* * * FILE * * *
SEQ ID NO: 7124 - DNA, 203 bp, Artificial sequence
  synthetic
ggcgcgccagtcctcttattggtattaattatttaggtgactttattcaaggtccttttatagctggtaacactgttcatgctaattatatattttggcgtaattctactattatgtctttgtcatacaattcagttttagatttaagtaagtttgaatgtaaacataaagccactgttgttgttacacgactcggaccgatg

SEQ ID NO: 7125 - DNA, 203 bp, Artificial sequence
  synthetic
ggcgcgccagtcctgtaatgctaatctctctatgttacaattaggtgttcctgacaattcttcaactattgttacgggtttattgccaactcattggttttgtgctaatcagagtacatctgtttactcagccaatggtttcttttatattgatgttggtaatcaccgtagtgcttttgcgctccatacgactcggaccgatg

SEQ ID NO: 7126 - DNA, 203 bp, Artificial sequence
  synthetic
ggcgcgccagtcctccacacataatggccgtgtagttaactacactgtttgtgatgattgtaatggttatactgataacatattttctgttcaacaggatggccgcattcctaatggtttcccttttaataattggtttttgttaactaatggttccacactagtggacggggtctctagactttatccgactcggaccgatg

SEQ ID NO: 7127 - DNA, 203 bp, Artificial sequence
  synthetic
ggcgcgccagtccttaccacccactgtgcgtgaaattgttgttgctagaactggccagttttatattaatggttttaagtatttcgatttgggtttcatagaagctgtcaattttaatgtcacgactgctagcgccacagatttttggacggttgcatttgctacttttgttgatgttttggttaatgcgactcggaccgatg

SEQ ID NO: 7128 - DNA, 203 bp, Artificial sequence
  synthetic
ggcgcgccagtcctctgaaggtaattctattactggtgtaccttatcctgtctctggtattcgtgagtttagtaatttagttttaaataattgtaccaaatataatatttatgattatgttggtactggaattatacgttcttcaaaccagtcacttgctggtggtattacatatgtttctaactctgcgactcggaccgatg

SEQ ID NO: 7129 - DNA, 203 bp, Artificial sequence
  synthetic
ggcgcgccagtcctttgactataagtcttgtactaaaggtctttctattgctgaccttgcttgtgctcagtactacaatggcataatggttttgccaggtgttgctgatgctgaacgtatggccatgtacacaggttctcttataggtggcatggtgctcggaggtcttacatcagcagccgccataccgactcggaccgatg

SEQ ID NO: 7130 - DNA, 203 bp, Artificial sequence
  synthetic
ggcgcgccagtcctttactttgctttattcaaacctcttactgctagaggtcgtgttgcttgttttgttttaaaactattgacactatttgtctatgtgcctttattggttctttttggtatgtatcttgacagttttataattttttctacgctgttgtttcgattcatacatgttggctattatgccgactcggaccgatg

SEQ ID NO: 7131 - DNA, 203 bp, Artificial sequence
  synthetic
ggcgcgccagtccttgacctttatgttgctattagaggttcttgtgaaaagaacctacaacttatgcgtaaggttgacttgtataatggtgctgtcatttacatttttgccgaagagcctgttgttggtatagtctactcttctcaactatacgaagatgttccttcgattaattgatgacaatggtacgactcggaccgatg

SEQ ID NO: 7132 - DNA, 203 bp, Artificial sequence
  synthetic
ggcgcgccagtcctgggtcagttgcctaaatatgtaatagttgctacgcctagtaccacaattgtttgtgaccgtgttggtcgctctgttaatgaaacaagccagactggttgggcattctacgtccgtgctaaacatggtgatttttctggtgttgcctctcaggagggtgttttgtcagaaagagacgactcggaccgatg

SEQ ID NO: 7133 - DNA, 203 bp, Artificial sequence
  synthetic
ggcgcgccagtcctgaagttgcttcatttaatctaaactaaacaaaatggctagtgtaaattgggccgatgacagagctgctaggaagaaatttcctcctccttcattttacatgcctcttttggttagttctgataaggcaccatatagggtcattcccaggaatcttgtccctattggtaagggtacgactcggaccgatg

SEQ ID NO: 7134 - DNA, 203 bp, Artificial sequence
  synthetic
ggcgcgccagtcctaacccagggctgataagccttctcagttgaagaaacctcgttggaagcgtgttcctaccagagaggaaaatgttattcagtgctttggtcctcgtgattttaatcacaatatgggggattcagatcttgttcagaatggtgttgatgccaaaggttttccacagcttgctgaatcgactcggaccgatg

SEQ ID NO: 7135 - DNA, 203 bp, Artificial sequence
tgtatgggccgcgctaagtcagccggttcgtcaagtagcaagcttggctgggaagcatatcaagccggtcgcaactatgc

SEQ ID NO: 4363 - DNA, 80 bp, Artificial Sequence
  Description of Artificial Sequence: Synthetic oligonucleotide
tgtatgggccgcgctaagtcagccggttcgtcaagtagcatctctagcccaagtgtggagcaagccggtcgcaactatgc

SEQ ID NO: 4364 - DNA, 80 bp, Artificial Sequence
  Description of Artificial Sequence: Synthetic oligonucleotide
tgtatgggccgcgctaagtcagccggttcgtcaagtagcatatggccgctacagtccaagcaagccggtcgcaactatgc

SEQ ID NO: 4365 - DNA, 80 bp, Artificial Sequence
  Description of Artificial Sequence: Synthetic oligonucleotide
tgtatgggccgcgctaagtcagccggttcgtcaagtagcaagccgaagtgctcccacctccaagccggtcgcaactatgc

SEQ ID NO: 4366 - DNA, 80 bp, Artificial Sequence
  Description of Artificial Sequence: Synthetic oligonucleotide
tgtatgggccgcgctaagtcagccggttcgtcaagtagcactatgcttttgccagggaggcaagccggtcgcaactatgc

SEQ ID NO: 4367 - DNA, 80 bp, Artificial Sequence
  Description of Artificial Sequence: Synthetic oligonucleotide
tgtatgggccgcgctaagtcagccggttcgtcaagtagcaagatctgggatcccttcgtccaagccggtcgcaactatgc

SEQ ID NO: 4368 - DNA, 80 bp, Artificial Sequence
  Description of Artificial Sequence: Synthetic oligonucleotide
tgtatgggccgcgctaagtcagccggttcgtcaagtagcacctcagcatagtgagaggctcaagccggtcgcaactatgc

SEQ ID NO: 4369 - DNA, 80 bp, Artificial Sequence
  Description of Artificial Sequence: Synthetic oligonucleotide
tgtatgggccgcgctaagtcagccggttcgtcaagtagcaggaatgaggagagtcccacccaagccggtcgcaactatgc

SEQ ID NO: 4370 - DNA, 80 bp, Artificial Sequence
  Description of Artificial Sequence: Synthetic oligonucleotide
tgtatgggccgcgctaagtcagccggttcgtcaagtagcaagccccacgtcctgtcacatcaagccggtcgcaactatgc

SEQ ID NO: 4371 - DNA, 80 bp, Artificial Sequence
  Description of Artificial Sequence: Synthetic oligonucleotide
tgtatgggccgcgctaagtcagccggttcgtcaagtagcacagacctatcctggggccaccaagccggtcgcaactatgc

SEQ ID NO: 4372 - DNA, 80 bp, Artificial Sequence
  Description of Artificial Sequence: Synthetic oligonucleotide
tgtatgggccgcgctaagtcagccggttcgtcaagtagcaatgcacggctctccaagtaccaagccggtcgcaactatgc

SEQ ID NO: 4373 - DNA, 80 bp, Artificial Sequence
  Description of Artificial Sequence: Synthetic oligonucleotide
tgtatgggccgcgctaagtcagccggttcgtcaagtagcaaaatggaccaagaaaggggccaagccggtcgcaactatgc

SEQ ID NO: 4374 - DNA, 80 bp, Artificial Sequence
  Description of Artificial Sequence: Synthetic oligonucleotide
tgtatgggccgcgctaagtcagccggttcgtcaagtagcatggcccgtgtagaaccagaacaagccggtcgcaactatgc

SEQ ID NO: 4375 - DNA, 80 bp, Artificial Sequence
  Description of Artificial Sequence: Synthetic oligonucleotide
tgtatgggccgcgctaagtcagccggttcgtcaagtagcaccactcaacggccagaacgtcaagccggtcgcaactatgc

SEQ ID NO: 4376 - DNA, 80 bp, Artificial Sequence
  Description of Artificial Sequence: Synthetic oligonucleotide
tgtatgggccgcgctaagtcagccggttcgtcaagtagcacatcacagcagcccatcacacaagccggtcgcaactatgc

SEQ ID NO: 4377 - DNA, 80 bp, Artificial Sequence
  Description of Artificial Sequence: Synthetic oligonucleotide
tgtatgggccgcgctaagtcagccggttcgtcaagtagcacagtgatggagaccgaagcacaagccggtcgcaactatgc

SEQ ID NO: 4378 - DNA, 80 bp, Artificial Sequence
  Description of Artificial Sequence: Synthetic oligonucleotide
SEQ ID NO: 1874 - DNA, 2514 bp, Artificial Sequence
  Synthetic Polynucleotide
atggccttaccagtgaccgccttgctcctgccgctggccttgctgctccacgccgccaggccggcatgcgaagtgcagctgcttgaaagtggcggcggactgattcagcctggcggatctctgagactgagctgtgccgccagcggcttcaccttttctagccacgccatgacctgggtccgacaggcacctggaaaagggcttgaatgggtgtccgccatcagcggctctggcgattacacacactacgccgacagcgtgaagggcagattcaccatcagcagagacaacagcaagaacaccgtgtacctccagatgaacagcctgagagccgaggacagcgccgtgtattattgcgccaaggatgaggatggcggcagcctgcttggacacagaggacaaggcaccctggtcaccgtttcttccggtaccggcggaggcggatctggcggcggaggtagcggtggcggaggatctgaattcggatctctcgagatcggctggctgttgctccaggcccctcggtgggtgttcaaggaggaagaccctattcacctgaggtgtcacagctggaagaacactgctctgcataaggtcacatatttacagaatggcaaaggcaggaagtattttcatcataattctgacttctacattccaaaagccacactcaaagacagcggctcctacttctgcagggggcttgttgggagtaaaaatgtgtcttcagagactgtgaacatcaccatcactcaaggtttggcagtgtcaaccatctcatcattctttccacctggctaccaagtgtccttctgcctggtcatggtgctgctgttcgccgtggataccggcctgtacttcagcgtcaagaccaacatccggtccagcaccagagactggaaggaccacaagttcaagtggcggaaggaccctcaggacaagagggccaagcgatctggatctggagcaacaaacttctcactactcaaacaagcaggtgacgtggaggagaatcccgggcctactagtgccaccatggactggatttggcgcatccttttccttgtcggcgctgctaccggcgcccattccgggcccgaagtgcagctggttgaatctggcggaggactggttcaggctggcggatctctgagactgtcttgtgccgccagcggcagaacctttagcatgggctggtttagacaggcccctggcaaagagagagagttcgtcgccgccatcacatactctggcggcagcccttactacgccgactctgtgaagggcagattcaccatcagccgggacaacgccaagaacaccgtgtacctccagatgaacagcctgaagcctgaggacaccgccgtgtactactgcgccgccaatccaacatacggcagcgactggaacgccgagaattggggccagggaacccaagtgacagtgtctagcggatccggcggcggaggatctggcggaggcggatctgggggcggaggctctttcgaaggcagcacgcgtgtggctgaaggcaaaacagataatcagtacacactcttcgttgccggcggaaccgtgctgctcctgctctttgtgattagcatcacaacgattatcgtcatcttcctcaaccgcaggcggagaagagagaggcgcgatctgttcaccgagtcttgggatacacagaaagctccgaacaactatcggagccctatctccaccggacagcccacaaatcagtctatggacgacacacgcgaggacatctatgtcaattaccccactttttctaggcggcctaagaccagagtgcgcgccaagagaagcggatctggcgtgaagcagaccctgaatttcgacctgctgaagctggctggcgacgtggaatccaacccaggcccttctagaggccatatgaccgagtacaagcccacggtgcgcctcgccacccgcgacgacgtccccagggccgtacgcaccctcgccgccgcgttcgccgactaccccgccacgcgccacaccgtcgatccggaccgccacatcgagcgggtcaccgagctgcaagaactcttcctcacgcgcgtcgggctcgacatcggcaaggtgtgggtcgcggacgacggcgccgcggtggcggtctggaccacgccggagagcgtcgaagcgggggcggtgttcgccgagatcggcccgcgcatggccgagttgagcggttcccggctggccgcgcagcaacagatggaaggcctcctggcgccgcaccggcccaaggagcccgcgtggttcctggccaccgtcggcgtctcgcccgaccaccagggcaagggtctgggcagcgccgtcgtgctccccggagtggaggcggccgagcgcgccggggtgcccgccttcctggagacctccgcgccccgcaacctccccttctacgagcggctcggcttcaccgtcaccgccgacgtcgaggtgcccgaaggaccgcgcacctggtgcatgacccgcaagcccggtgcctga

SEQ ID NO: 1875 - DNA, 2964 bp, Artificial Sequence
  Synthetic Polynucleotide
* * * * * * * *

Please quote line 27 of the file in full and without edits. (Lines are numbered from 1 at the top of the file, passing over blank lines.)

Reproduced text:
ggcgcgccagtcctgggtcagttgcctaaatatgtaatagttgctacgcctagtaccacaattgtttgtgaccgtgttggtcgctctgttaatgaaacaagccagactggttgggcattctacgtccgtgctaaacatggtgatttttctggtgttgcctctcaggagggtgttttgtcagaaagagacgactcggaccgatg